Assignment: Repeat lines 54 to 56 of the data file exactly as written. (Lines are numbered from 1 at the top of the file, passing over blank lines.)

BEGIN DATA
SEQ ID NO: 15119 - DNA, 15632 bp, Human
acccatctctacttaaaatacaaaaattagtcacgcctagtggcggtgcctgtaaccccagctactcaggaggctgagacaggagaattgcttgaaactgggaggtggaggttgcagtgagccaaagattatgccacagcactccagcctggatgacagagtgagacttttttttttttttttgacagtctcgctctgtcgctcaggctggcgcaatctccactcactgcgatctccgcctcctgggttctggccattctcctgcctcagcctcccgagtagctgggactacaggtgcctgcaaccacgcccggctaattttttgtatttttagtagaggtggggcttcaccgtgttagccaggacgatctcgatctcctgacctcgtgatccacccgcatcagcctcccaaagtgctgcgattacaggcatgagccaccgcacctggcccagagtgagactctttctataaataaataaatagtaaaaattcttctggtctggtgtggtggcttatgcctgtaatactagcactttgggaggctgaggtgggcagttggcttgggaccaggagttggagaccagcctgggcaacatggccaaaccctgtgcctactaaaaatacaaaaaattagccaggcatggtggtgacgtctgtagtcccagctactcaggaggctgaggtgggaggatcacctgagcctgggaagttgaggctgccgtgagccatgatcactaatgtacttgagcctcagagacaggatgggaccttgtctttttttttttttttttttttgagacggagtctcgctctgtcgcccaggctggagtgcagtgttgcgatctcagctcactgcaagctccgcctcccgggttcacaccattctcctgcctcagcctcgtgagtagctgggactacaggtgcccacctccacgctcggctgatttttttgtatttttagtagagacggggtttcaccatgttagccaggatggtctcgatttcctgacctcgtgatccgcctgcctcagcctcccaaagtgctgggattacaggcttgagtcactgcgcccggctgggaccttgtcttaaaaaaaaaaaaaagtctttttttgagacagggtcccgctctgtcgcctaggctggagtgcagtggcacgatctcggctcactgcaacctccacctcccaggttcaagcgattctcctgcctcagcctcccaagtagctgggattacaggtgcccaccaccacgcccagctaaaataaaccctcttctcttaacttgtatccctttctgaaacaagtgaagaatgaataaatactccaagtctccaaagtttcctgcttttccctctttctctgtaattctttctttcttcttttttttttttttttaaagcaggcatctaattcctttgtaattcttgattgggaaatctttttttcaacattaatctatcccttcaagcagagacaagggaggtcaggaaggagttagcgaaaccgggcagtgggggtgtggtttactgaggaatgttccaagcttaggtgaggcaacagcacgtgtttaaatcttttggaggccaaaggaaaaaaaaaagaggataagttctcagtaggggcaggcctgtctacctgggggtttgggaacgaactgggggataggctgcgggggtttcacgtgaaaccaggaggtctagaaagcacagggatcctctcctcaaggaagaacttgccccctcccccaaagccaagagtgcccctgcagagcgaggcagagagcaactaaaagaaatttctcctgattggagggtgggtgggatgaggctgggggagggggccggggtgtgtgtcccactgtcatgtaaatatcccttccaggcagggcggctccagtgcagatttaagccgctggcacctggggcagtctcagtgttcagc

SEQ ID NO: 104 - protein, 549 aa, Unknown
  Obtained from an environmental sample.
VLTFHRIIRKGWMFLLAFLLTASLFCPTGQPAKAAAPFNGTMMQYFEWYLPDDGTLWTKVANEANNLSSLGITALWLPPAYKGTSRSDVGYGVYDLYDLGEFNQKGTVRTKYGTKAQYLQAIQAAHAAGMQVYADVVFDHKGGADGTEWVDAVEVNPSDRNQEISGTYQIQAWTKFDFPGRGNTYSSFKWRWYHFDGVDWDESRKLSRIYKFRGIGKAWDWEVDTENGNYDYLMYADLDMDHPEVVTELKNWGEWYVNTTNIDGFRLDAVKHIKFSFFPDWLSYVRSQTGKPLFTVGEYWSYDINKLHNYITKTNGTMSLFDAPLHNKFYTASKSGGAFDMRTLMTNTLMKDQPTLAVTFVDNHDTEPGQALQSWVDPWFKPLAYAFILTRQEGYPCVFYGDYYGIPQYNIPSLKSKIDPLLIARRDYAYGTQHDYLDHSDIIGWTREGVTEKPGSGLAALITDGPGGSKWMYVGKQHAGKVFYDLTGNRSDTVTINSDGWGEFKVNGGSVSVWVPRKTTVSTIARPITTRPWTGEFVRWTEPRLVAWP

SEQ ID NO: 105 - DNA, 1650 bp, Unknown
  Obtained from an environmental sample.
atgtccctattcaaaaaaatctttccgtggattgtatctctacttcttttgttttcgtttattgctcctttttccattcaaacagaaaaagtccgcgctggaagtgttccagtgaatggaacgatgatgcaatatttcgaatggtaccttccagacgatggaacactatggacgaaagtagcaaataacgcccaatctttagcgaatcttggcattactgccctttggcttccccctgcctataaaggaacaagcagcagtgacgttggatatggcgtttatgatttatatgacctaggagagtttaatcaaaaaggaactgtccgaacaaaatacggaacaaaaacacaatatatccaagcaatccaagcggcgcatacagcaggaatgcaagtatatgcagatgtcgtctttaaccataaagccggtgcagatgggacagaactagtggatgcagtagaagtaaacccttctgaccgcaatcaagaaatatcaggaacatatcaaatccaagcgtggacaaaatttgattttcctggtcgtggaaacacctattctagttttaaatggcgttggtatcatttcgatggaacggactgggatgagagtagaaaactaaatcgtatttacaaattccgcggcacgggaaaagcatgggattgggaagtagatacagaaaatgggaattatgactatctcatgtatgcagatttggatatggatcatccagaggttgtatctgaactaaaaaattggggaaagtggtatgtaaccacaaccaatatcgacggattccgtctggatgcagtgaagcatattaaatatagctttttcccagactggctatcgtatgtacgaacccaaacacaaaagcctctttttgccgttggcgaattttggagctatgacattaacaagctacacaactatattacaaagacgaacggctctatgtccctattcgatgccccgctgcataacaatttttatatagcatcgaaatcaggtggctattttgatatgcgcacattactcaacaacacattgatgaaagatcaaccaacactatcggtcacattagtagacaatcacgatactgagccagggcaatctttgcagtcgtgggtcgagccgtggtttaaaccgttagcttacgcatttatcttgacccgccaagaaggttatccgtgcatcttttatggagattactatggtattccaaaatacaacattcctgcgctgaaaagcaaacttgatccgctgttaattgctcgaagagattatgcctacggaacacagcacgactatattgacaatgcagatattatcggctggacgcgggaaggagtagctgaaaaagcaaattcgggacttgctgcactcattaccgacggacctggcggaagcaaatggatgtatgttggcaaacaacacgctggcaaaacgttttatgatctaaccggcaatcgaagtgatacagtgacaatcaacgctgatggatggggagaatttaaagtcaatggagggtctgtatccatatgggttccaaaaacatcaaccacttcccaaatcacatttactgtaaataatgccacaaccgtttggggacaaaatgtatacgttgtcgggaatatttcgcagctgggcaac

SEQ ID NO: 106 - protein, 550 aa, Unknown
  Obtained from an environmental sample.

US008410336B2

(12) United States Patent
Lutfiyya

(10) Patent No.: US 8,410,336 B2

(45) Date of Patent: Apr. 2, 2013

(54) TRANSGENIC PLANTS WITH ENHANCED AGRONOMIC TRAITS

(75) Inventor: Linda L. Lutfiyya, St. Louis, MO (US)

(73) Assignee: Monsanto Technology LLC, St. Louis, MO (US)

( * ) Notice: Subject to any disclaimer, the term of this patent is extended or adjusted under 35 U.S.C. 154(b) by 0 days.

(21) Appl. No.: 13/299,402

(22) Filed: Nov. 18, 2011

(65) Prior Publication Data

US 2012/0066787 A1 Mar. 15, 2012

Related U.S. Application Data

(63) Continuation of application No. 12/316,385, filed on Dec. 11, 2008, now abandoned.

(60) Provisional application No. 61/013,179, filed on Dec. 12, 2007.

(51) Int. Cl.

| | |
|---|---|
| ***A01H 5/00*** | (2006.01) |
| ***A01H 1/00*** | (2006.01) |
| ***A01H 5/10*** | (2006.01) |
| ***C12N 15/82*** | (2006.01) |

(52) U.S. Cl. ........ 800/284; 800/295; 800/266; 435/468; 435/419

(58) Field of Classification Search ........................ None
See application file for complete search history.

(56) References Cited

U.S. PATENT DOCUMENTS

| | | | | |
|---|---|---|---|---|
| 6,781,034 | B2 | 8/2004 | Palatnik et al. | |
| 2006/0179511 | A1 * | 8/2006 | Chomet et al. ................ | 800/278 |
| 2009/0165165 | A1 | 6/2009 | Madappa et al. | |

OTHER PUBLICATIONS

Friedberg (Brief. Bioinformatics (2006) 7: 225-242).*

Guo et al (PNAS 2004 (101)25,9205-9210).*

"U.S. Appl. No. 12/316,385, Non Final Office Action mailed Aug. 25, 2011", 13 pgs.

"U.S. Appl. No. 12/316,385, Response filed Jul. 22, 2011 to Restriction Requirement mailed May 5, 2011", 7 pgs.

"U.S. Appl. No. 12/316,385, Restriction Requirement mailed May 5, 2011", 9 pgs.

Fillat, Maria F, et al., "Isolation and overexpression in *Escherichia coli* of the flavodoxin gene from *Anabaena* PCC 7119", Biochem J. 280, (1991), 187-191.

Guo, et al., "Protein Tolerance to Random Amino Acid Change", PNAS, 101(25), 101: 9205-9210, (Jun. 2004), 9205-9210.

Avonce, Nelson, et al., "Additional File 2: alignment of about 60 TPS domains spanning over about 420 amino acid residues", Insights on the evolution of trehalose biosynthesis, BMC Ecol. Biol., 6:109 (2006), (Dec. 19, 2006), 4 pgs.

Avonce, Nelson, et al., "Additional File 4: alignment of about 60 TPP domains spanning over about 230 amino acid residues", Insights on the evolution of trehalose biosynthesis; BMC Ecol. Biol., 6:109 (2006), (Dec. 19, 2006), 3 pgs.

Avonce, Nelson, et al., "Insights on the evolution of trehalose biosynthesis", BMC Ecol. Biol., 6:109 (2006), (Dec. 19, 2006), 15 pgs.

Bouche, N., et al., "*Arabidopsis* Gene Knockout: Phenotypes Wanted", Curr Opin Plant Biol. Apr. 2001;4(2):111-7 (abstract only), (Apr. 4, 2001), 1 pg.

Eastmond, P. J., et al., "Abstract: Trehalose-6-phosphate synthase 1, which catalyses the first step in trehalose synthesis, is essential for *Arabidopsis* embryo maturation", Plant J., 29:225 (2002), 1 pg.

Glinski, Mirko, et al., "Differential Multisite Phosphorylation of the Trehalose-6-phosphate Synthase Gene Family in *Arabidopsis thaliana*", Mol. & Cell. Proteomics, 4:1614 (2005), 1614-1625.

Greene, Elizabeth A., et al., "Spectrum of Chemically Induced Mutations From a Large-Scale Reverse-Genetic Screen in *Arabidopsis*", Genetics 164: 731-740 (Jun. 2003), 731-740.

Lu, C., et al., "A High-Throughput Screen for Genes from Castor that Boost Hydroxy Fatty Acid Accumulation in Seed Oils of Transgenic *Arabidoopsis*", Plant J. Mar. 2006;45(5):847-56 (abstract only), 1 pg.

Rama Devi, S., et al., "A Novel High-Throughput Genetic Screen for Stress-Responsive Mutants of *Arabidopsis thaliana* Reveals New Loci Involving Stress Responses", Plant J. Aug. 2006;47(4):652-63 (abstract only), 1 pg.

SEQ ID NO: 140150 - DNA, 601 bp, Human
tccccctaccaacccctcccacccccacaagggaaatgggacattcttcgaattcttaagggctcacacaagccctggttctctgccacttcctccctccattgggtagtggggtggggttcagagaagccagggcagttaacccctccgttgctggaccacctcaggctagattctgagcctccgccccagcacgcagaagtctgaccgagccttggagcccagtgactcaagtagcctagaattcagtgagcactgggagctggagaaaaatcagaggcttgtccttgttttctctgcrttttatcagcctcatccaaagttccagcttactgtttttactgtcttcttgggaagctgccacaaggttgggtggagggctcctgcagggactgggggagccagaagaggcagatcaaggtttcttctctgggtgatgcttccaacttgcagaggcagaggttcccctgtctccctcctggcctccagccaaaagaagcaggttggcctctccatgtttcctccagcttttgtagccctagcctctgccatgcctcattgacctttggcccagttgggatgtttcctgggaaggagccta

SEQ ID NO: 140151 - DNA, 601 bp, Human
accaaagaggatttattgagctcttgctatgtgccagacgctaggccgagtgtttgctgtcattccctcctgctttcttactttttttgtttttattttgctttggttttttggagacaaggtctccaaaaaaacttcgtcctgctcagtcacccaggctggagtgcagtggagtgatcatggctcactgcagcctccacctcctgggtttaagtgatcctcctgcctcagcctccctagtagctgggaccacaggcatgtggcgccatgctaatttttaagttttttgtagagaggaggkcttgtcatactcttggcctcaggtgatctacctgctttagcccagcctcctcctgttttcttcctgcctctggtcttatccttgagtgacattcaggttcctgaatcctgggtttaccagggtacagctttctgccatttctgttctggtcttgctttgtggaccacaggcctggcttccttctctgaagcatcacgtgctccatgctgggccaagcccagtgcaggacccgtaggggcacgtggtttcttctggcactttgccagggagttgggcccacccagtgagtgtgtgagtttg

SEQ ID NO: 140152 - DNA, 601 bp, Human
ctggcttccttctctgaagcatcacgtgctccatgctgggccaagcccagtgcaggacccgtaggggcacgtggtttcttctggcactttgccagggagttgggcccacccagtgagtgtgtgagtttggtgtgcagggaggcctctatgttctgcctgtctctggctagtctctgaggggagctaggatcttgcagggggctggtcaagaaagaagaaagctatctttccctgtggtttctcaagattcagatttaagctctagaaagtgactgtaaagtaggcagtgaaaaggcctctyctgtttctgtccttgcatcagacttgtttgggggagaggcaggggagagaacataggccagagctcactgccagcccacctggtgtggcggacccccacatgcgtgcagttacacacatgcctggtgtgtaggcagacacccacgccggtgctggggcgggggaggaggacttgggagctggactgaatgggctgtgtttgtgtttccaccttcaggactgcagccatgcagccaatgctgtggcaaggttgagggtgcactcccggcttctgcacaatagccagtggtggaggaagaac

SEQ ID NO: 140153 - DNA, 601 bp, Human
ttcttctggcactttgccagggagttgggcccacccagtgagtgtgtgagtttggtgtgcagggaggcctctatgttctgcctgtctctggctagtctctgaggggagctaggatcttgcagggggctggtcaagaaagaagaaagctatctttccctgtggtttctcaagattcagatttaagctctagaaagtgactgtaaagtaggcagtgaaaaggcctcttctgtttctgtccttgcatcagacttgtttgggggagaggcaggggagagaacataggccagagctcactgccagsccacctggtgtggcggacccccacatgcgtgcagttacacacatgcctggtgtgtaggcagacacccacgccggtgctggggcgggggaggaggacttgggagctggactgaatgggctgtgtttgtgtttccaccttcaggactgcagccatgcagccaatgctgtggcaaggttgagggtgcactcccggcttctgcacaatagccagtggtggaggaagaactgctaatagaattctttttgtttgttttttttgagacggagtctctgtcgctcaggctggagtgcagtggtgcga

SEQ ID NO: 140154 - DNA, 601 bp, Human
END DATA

Avonce, Nelson, et al., "Insights on the evolution of trehalose biosynthesis", BMC Ecol. Biol., 6:109 (2006), (Dec. 19, 2006), 15 pgs.

Bouche, N., et al., "*Arabidopsis* Gene Knockout: Phenotypes Wanted", Curr Opin Plant Biol. Apr. 2001;4(2):111-7 (abstract only), (Apr. 4, 2001), 1 pg.

Eastmond, P. J., et al., "Abstract: Trehalose-6-phosphate synthase 1, which catalyses the first step in trehalose synthesis, is essential for *Arabidopsis* embryo maturation", Plant J., 29:225 (2002), 1 pg.